Telecommunications and navigation are no longer conceivable without satellites. Germany wants to protect them in space – and takes a different path from the US.
With a new space center, Defense Minister Annegret Kramp-Karrenbauer wants to strengthen Germany’s ability to protect its own satellites. The commissioning of the “Air and Space Operations Center” (ASOC) on Monday at Uedem, North Rhine-Westphalia, was a first step in the planning and execution of space operations, the CDU leader said. The Air Force inspector, Lieutenant General Ingo Gerhartz, said, “This isn’t about space weapons, it’s about protecting what we have in space.” Much of today’s technology – telecommunications, the Internet and navigation – now relies on satellites.
The new center was built as part of the air defense system on the Paulsberg near Uedem, from which the German army also has an overview of the entire airspace over Germany and monitors the sounding of alarms by fighter aircraft in the event of possible threats. The latter happened on August 18, when a plane flying through from Poland was no longer accessible.
Kramp-Karrenbauer wants rules for the use of space
The National Situation and Command Center for Safety in the Airspace is housed in a room that the minister visited. Large screens, flashing lights and numeric codes. Some TV channels are on. New buildings are being built on the site. The facility, in which around $ 200 million will be invested in 2038, will now also take a closer look at near-earth space.
“We have an increasing connection, and that is something that can no longer be separated, between space and airspace and also the systems on the ground,” said Kramp-Karrenbauer. Telecom and navigation, “it all depends on satellites”. She is also convinced that the use of space should also be regulated by international treaties.
The space center aims to help protect satellites from interference and attack, as well as to observe missiles that could threaten populated areas when they re-enter the atmosphere. It observes and catalogs space objects and the so-called space debris, which can be dangerous to other devices. The center will initially have 50 experts and will grow to 150 employees by 2031. In some cases, existing skills are brought together.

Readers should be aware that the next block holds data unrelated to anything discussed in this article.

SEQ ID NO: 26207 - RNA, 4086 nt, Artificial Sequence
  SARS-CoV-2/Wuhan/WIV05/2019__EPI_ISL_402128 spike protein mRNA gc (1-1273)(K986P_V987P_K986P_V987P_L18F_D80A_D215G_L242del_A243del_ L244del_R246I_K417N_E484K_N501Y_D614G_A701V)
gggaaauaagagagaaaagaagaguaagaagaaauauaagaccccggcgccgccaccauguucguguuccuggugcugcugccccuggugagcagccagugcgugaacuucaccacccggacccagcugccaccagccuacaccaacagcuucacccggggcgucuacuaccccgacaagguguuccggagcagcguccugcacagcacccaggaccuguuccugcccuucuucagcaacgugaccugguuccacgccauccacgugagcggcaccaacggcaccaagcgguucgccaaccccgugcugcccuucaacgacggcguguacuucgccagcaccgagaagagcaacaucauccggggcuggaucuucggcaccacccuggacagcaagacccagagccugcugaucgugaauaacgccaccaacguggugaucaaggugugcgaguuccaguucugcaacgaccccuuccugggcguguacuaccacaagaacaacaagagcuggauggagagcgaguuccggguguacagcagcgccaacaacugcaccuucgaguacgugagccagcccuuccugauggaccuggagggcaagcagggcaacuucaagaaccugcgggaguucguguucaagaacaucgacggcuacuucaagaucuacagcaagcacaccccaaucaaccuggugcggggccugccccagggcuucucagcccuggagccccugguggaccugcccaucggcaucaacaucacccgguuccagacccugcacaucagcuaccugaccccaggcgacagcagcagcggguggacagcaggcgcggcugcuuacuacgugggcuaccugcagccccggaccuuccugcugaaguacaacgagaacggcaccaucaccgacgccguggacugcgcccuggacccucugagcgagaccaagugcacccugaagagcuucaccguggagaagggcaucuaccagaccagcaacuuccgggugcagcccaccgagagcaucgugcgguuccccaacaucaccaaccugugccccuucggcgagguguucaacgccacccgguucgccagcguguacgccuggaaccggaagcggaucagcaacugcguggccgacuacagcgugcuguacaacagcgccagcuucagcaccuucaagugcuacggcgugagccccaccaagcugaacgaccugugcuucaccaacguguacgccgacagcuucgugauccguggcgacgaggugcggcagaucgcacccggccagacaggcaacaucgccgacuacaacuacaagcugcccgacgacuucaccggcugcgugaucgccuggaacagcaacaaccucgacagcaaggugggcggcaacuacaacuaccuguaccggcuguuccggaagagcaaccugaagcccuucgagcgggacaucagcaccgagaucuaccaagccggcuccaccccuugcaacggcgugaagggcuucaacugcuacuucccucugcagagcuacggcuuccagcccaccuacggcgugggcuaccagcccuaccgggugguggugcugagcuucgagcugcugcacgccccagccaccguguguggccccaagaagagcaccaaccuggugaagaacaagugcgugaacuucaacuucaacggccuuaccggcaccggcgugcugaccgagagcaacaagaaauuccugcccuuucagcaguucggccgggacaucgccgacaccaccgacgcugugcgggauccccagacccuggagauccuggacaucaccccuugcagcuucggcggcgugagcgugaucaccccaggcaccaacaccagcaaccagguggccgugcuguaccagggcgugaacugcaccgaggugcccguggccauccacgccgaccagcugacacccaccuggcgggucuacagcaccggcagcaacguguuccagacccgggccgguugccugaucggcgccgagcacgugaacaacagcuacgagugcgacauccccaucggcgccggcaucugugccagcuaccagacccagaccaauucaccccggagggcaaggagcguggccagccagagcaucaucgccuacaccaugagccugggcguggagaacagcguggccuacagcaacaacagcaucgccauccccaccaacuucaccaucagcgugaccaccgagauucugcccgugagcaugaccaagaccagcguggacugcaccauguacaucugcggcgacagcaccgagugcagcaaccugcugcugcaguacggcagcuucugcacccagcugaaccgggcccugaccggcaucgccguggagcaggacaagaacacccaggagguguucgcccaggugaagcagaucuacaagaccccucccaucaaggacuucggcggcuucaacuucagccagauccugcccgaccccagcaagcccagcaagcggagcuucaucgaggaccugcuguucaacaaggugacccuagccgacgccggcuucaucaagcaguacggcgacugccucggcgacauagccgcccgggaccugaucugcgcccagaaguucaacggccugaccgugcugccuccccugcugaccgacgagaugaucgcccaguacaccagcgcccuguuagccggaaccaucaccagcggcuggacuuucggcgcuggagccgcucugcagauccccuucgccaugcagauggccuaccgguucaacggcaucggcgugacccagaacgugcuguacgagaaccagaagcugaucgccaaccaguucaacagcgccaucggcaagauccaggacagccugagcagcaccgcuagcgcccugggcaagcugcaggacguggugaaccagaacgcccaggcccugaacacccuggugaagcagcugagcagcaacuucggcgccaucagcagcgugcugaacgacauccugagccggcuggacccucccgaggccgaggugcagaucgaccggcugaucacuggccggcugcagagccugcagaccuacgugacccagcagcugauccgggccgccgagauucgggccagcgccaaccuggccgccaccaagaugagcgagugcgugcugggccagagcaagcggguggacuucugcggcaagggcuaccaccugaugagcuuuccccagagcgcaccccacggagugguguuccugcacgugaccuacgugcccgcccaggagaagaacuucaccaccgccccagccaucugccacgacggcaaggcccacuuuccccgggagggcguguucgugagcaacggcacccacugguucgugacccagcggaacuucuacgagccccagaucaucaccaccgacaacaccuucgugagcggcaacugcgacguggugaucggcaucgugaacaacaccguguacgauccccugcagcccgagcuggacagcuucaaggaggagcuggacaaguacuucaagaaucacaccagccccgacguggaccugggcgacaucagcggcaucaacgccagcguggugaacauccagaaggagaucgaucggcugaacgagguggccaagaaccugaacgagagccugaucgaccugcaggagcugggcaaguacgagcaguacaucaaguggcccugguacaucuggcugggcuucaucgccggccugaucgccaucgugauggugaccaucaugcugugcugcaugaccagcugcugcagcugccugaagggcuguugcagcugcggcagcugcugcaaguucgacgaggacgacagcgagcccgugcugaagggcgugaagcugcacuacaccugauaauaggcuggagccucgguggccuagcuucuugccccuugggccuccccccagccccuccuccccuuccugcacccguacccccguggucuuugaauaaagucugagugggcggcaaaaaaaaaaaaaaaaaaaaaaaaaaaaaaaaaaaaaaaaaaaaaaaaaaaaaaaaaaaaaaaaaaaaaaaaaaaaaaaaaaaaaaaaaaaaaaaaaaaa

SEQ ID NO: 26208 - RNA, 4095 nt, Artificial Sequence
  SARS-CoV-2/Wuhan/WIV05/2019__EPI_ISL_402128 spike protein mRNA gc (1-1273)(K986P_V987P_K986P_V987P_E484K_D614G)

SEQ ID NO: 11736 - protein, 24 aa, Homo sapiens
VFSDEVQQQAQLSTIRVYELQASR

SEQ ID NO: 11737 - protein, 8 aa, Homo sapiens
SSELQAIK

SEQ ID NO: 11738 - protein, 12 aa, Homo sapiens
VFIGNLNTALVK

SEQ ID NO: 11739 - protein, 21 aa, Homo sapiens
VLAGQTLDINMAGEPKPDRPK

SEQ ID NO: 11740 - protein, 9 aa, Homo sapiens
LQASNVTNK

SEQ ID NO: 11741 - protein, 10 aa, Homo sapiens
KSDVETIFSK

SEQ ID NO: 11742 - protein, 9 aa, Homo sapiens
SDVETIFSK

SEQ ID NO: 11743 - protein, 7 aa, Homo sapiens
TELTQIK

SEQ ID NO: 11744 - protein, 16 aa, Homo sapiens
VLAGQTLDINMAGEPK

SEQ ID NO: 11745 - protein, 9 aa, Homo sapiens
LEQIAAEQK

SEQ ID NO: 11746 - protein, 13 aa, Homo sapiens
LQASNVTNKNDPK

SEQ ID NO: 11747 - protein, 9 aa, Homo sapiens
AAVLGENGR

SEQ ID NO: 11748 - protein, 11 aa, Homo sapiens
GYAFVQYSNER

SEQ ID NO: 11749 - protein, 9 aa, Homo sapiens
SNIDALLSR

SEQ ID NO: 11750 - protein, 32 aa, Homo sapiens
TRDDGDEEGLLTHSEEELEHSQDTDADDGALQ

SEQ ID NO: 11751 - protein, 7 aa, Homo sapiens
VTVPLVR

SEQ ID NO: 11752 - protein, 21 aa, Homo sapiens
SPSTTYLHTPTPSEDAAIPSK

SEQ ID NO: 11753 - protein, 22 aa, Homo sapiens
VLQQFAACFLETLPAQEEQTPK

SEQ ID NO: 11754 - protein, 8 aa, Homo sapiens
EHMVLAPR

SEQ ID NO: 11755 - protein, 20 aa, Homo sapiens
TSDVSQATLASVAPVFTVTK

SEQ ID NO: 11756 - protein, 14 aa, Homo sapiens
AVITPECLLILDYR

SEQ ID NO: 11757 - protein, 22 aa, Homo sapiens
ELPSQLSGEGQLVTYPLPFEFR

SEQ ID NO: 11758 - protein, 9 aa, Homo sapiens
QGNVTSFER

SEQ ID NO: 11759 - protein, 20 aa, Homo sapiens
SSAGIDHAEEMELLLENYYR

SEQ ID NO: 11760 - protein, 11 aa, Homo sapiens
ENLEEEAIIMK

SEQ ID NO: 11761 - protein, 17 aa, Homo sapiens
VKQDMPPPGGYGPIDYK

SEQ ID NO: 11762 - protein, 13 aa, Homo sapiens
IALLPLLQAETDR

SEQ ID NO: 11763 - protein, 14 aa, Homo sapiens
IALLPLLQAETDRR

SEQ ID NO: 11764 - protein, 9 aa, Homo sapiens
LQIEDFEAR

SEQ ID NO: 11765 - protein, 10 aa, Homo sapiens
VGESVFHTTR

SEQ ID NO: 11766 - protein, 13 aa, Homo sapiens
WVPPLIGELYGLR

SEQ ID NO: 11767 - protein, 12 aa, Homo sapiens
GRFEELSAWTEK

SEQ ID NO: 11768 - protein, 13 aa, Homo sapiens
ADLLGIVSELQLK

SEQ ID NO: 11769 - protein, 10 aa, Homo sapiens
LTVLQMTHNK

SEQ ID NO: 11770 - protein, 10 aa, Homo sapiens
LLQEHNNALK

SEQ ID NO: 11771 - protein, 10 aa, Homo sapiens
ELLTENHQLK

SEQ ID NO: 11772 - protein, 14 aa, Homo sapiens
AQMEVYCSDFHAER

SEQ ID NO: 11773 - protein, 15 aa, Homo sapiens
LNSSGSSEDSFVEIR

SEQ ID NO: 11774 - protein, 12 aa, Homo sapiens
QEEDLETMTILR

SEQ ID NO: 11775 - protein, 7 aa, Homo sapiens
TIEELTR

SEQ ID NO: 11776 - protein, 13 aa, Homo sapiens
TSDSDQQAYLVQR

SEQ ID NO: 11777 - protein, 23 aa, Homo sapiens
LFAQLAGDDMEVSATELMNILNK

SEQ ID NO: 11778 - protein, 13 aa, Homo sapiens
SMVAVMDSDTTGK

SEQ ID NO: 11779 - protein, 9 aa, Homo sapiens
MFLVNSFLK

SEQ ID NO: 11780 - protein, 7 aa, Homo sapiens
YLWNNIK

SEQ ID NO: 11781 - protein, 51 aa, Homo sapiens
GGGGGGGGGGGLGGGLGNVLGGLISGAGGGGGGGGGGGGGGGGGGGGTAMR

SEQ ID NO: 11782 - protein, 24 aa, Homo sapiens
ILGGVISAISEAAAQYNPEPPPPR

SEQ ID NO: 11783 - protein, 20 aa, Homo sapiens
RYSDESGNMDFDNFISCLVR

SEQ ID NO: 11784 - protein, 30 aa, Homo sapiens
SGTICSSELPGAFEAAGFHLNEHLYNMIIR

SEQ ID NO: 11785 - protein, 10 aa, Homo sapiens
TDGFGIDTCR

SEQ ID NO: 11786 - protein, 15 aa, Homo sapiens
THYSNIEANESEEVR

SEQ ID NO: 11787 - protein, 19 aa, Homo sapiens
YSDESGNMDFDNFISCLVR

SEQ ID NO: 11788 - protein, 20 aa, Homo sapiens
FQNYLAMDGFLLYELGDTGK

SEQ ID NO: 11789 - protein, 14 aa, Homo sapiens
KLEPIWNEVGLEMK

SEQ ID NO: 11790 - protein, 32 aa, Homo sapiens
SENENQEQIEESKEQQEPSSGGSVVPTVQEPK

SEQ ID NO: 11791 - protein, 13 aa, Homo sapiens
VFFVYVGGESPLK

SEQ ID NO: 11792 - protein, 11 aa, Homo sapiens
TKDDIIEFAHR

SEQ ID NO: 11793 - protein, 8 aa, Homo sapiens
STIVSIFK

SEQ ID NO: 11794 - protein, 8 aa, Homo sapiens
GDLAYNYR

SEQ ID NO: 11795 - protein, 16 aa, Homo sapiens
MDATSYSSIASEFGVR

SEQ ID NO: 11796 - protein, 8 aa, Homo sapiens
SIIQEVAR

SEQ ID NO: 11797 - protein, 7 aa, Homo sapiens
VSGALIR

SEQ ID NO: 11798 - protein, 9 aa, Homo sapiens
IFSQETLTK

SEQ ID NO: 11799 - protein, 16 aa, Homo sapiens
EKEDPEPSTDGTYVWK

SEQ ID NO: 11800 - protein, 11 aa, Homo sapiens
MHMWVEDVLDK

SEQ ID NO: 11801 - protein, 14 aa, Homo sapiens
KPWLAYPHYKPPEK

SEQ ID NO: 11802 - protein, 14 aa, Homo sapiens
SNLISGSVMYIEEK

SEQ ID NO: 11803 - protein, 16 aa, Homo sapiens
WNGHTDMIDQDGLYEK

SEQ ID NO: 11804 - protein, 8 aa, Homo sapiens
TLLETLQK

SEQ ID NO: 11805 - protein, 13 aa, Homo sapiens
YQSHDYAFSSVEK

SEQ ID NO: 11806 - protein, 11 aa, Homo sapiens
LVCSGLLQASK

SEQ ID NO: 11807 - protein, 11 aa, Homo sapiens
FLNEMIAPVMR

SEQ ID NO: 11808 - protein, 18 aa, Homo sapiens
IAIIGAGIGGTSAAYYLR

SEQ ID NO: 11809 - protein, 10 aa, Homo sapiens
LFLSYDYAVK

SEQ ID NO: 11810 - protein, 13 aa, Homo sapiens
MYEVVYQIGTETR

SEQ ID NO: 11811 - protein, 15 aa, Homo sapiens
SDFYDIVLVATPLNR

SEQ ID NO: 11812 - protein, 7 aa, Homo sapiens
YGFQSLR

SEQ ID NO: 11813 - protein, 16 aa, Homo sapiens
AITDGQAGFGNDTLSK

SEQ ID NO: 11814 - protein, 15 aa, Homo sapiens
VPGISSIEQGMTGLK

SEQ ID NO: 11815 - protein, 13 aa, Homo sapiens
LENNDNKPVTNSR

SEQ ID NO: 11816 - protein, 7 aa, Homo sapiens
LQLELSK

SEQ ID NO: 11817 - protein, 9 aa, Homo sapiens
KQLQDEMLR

The new GESTRA (German Experimental Space Surveillance and Tracking Radar) system on the outskirts of Koblenz is used to track the orbits of space bodies. It was developed on behalf of the German Aerospace Center (DLR) by the Fraunhofer Institute for High-Frequency Physics and Radar Technology (FHR). The TIRA space observation radar will then be used near Bonn for a closer look at objects. There are also telescopes available.
Germany cannot act militarily in space
From the standpoint of military experts, it makes little sense for Germany to separate air and space – regardless of physical differences. Germany is taking a different path from the great US power, which has established its own forces for space. The US is Germany’s main partner and France is also located in Europe.
Unlike the US, China and Russia, Germany has no means of responding militarily to attacks in space there. Weapon systems for this are simply not available to the Bundeswehr. When the worst comes to the worst, the ground would respond – diplomatically at first. Attacks on satellites with laser beams are conceivable, and then the necessary reactions to turn the technology away from the beam angle. The technical defense is therefore passive.
However, data is also needed for ground missile defense and for space exploration of the activities of other states and powers. These are documented in a “space situation”. “Space weather” – the current situation with atmospheric disturbances – is also relevant for communications on Earth.